Firenibbler

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About Firenibbler

  • Rank
    Advanced Member
  • Birthday 01/07/2000

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  • Website URL
    http://firenibbler.com
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    Firenibbler
  • Skype
    Andrew Stavast

Profile Information

  • Gender
    Male
  • Location
    Tucson, AZ
  • Interests
    Game programming. Website creation.

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923 profile views
  1. I would argue that it is not wrong per say, lots of money in the html5 market is through mobile so you would be cutting yourself off from a significant portion of funding. However, that can be easily offset through different design methods. You might notice most html5 games are simply cheap arcade style games, and these games often do best on mobile. If you were willing to put in the time to make a solid RPG, platformer, or mmo that specifically caters to a pc market, with intelegently designed revenue streams, you might find a lot of success. Just because few people choose to go that route, does not mean it's a bad one.
  2. @mattstylesThanks for the feedback! I hadent even thought of adding some of that stuff, I will do some research on it today.
  3. Hey guys, I just finished writing up a short article on making your games multilingual, and was wondering what you thought? Is it too bland, not enough facts, too short, too long? I am still editing it, so any feedback is welcome. Making Your Indie Game Multilingual
  4. Honestly, that question is so vague, I can answer it with anything from a patron account to sponsored content. I recommend just doing some quick research or starting your own topic asking that question.
  5. What do you mean servers? Your games? Your game servers? Your game publishing website?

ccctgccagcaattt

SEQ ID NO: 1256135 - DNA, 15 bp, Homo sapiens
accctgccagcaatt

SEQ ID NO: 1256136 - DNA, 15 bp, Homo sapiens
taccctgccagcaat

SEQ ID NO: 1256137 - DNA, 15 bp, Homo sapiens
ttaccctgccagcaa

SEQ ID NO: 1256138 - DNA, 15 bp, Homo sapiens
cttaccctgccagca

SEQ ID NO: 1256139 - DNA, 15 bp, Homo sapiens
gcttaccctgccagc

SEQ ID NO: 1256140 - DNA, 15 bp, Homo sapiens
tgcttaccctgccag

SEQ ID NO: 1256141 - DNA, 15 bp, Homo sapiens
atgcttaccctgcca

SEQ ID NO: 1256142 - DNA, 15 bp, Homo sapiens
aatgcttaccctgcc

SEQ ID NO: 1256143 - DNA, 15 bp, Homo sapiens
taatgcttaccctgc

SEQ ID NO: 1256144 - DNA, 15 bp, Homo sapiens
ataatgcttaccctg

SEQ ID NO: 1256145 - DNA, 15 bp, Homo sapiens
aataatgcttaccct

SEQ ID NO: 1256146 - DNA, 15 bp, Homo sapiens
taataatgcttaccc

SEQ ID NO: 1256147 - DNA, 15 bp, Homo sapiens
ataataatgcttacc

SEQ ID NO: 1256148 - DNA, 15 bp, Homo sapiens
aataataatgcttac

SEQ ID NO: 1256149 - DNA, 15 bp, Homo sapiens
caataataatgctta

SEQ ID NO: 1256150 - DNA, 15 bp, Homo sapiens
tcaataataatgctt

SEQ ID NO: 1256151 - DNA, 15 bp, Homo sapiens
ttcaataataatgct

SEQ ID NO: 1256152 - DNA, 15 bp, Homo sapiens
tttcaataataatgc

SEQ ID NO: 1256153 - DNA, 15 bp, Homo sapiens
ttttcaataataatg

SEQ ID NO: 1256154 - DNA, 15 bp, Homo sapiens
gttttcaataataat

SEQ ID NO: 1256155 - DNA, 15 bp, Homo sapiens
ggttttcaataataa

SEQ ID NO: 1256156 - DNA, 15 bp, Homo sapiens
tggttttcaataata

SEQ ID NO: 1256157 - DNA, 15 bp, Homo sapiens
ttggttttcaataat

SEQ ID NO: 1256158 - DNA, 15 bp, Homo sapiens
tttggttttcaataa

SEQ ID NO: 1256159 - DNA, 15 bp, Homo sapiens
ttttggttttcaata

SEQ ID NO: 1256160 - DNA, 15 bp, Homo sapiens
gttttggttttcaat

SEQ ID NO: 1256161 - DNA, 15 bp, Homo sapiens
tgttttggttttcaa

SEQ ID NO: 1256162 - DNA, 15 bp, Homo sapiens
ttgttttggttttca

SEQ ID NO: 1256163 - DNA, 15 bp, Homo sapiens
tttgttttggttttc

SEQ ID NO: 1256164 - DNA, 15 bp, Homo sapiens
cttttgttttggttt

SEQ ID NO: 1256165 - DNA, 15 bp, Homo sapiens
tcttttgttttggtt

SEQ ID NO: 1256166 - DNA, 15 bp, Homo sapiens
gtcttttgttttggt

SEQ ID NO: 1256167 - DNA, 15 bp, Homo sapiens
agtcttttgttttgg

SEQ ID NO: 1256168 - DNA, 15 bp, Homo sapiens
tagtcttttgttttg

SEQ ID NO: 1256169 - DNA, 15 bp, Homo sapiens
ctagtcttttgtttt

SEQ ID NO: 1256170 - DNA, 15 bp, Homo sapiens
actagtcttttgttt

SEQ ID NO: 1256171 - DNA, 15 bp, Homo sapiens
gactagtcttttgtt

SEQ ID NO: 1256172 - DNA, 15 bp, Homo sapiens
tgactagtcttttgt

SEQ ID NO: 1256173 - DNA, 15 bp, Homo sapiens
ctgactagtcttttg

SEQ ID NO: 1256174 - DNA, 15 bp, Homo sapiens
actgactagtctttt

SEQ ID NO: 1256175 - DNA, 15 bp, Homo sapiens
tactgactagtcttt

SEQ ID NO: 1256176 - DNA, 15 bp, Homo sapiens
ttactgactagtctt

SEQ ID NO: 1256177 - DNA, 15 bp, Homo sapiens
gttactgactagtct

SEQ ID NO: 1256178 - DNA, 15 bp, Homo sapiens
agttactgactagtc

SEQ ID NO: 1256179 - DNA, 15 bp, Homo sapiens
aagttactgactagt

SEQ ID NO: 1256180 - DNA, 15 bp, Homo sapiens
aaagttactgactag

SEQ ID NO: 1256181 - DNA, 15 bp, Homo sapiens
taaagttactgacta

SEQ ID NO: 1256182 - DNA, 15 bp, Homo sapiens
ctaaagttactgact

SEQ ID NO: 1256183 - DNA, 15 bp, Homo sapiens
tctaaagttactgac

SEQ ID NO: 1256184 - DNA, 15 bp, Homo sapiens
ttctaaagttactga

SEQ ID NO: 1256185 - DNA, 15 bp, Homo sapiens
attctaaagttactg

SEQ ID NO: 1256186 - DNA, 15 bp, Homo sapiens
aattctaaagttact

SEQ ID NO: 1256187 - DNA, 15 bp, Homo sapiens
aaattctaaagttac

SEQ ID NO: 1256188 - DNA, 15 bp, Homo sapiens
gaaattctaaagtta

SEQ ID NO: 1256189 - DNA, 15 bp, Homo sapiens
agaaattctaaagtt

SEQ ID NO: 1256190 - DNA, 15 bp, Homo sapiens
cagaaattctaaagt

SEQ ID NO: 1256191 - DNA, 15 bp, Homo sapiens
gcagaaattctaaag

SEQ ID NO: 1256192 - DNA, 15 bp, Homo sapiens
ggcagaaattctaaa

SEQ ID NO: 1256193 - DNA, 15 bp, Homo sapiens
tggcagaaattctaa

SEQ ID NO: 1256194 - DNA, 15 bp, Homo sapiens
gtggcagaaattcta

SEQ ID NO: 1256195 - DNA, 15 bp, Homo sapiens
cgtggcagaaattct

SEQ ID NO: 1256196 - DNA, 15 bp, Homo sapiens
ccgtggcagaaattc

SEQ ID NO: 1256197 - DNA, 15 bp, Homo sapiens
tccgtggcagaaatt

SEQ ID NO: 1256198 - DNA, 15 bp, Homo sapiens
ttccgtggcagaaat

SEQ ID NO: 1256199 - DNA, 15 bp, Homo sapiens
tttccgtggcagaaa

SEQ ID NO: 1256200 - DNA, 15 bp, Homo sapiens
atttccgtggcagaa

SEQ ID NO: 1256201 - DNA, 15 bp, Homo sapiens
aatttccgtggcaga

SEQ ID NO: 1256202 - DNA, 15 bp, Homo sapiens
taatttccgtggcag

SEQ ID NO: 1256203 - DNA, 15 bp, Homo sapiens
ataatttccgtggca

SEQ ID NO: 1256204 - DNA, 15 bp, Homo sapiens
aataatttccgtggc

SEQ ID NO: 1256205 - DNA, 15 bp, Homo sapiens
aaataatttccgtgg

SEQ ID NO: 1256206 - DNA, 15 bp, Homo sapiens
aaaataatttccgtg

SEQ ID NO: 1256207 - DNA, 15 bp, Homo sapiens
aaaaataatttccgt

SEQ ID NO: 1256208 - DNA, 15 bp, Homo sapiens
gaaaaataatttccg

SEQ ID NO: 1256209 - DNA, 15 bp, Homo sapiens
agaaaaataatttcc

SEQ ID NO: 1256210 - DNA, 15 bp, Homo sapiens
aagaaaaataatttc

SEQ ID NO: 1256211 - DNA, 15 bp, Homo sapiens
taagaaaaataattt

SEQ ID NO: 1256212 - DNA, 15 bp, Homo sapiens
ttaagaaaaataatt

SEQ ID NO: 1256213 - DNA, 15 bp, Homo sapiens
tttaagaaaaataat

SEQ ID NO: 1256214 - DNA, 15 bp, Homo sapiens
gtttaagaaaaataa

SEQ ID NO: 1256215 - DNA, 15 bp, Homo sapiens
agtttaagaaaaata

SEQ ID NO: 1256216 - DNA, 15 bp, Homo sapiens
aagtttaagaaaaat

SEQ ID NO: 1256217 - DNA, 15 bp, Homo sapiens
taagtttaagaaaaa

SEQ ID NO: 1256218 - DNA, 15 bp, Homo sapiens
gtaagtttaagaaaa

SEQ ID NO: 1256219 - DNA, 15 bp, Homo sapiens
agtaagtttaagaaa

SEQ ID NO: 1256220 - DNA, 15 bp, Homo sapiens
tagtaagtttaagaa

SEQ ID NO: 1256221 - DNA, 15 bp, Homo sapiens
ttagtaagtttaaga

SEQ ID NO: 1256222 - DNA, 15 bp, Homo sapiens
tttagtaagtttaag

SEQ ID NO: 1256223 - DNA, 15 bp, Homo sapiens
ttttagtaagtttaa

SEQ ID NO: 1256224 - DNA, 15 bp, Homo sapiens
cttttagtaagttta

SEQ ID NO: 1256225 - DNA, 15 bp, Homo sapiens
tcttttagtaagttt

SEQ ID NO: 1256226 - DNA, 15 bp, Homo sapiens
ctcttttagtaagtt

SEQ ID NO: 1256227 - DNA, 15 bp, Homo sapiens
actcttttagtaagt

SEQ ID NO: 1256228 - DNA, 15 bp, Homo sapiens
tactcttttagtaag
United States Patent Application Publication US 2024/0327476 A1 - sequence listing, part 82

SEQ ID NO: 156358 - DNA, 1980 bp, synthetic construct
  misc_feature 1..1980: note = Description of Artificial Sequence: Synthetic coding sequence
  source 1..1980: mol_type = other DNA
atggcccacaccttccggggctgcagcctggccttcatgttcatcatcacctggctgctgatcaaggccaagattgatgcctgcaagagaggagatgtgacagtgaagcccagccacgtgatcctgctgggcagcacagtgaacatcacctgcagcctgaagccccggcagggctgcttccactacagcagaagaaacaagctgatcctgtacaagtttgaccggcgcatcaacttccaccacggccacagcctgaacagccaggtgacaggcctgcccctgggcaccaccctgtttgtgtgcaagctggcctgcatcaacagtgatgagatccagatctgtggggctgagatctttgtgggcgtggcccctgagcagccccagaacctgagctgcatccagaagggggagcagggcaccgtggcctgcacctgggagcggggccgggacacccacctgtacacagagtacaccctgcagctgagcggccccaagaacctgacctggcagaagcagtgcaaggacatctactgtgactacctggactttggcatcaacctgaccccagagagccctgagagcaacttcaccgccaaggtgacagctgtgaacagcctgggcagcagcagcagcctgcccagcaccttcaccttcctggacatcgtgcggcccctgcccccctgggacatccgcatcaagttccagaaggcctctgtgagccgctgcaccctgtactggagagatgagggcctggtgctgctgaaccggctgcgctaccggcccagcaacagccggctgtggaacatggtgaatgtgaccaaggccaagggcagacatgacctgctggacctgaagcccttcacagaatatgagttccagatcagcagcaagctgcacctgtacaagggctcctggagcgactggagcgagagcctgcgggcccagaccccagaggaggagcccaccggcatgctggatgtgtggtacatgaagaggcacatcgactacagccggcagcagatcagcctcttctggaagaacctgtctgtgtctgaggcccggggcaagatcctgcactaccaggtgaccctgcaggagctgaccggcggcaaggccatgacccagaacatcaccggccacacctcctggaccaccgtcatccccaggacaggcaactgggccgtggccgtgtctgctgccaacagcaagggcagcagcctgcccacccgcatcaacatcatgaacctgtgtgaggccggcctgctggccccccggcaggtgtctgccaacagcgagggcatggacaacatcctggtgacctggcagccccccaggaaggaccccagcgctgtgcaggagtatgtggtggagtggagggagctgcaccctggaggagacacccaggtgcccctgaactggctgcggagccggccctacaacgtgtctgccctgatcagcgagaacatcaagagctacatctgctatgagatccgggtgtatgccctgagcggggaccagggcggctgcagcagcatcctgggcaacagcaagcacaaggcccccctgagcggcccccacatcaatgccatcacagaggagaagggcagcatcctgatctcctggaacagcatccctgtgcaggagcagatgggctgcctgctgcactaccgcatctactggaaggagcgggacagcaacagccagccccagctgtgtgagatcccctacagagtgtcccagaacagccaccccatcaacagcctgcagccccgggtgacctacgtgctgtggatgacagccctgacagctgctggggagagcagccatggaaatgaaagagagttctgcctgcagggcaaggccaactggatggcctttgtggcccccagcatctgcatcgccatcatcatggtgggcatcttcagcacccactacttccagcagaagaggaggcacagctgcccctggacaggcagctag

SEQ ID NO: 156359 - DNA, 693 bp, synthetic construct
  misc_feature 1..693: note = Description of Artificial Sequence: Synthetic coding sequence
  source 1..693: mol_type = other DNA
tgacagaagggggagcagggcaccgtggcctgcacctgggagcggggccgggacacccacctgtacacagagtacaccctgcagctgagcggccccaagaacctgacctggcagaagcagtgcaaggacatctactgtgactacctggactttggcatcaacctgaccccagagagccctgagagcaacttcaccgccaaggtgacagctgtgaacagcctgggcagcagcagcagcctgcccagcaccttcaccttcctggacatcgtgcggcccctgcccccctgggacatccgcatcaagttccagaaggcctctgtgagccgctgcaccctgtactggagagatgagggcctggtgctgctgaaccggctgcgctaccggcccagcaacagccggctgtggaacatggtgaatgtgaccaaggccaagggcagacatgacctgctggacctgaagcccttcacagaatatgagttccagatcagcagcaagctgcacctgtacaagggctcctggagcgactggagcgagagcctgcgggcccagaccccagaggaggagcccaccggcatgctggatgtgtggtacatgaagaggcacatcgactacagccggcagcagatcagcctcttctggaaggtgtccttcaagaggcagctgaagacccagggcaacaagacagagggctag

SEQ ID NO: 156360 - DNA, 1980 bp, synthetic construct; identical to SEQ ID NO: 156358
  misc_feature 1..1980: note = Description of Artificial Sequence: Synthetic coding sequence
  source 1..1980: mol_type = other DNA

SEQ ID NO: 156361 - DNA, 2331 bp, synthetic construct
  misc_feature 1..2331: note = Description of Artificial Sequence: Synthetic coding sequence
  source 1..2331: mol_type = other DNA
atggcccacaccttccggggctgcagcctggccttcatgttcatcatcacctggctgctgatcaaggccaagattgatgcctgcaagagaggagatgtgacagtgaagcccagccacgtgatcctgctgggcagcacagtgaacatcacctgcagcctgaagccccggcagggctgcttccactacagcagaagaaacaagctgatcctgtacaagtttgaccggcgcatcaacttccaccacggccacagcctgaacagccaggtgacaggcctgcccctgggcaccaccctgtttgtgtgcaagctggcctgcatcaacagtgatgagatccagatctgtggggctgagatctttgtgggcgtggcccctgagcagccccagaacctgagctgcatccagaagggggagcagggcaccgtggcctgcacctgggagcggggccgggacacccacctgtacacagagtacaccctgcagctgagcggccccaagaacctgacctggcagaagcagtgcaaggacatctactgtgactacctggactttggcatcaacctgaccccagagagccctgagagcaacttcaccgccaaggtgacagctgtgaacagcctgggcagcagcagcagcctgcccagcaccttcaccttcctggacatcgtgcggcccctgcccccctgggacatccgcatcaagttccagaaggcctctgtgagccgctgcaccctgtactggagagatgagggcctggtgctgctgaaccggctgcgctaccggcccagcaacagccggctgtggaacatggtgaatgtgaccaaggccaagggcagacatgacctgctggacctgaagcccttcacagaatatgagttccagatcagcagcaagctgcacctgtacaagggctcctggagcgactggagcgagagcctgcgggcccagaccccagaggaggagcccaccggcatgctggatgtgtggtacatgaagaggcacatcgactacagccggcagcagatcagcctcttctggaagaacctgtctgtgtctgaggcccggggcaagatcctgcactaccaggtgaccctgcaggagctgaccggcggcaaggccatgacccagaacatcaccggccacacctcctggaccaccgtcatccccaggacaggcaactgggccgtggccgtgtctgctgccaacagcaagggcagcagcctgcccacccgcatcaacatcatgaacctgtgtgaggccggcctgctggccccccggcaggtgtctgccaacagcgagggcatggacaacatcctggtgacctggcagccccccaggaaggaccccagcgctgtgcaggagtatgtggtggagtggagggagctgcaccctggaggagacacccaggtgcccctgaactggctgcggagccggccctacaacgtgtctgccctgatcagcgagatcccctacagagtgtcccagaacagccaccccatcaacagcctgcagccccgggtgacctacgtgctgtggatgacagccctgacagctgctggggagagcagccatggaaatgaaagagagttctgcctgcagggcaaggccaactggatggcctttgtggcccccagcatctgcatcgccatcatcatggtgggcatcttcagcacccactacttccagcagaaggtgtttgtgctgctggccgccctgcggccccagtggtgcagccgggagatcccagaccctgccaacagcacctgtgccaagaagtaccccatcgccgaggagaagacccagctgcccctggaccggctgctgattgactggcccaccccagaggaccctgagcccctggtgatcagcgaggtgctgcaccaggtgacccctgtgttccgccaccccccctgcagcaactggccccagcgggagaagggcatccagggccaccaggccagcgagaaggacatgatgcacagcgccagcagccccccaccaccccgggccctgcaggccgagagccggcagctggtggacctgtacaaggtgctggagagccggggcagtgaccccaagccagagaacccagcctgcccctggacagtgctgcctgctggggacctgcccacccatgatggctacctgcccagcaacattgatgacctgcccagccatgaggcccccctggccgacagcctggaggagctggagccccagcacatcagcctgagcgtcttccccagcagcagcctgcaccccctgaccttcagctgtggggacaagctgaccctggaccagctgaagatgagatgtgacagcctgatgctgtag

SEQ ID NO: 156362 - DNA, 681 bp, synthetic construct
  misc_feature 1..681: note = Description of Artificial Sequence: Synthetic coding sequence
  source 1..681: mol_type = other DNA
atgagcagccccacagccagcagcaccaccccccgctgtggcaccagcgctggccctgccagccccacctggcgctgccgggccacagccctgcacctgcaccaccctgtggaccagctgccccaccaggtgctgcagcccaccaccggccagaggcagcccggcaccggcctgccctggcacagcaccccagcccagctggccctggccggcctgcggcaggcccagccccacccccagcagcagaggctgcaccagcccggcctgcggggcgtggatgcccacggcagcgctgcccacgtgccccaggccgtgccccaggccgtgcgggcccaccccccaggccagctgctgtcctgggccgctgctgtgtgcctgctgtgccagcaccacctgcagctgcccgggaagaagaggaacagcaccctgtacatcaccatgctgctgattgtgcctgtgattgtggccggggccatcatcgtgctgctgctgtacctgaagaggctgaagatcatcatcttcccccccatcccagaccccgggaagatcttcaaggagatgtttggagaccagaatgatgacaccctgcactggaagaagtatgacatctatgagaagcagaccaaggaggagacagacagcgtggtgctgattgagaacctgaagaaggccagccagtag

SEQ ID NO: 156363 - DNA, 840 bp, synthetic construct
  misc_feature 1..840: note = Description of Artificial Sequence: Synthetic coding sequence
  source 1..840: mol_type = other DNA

6. @mattstyles Thanks for all the feedback! I have never really considered posting links to other blogs and resources before as such an important factor, but you do bring up a good point. In the future, I will document where I find my information some more. I have done it a few times in the past, but not often enough for anyone to notice. Also, I did say "no longer all it takes" when referencing great content, while it is important, I still feel it is important to go out into the community as much as possible to promote your projects. As for the generalized subject area, this blog is more me writing what I learned, or want to refresh and hoping somebody else benefits from it. While you are right, it is incredibly hard to go into depth on a lot of these subjects, most of my viewers are new HTML5 game devs, and appreciate the simplicity. This does, however, bring us back to your point about external links, which I will do far more of in the future. Lots of people seem to like it because of its diversity. I might look into guest authors in the future to give more specific and in-depth articles if the blog starts to lean toward more professional topics that require more insight. For the development phases, you are entirely correct I am lacking in defining what those phases are. I will look into editing it to be more clear on the when each phase takes place. For the bullet points, I was just trying something new where I summarize the contents of the previous section into important topics it covers, I could be more clear about that, but you are right. It does sound like something an algorithm generated. Thanks again for the advice! I will revise the post soon to try and incorporate it. If you have any more, or want to point out a flaw in my reasoning above, go ahead.
  7. Hey, just wondering what you all think of my latest article. It's a quick guide to marketing your indie game, specifically HTML5 games. All feedback is appreciated. Thanks for reading! Marketing your HTML5 Game, a Quick Guide.
  8. Wow, I can't believe I didn't catch that. It has been forever since I have played a brick breaker.
  9. I was wondering what happened to that domain. As for the game, I recommend using the velocity of the paddle added to the velocity fo the ball or some similar algorithm to calculate the new direction of the ball, instead of just a random direction.
  10. Looks like a cool site, good luck with it!
  11. Yes, I agree with @mattstyles For what you are doing, don't use an engine at all, or if you absolutely must use one, use a lightweight DOM one.
  12. Thanks for the feedback @Nulligma and @scheffgames! I just updated the article to better reflect your feedback, its great to get feedback like this so you can always keep your content fresh and interesting.
  13. Confused on what? perhaps I can clarify.
  14. Very nice work, I love the style.
  15. I do not recommend using a conventional canvas for this project, maybe try a DOM canvas hybrid or just straight DOM. Try checking out Game Query for a possible engine for this project, as it is a DOM game engine based on the popular jQuary library.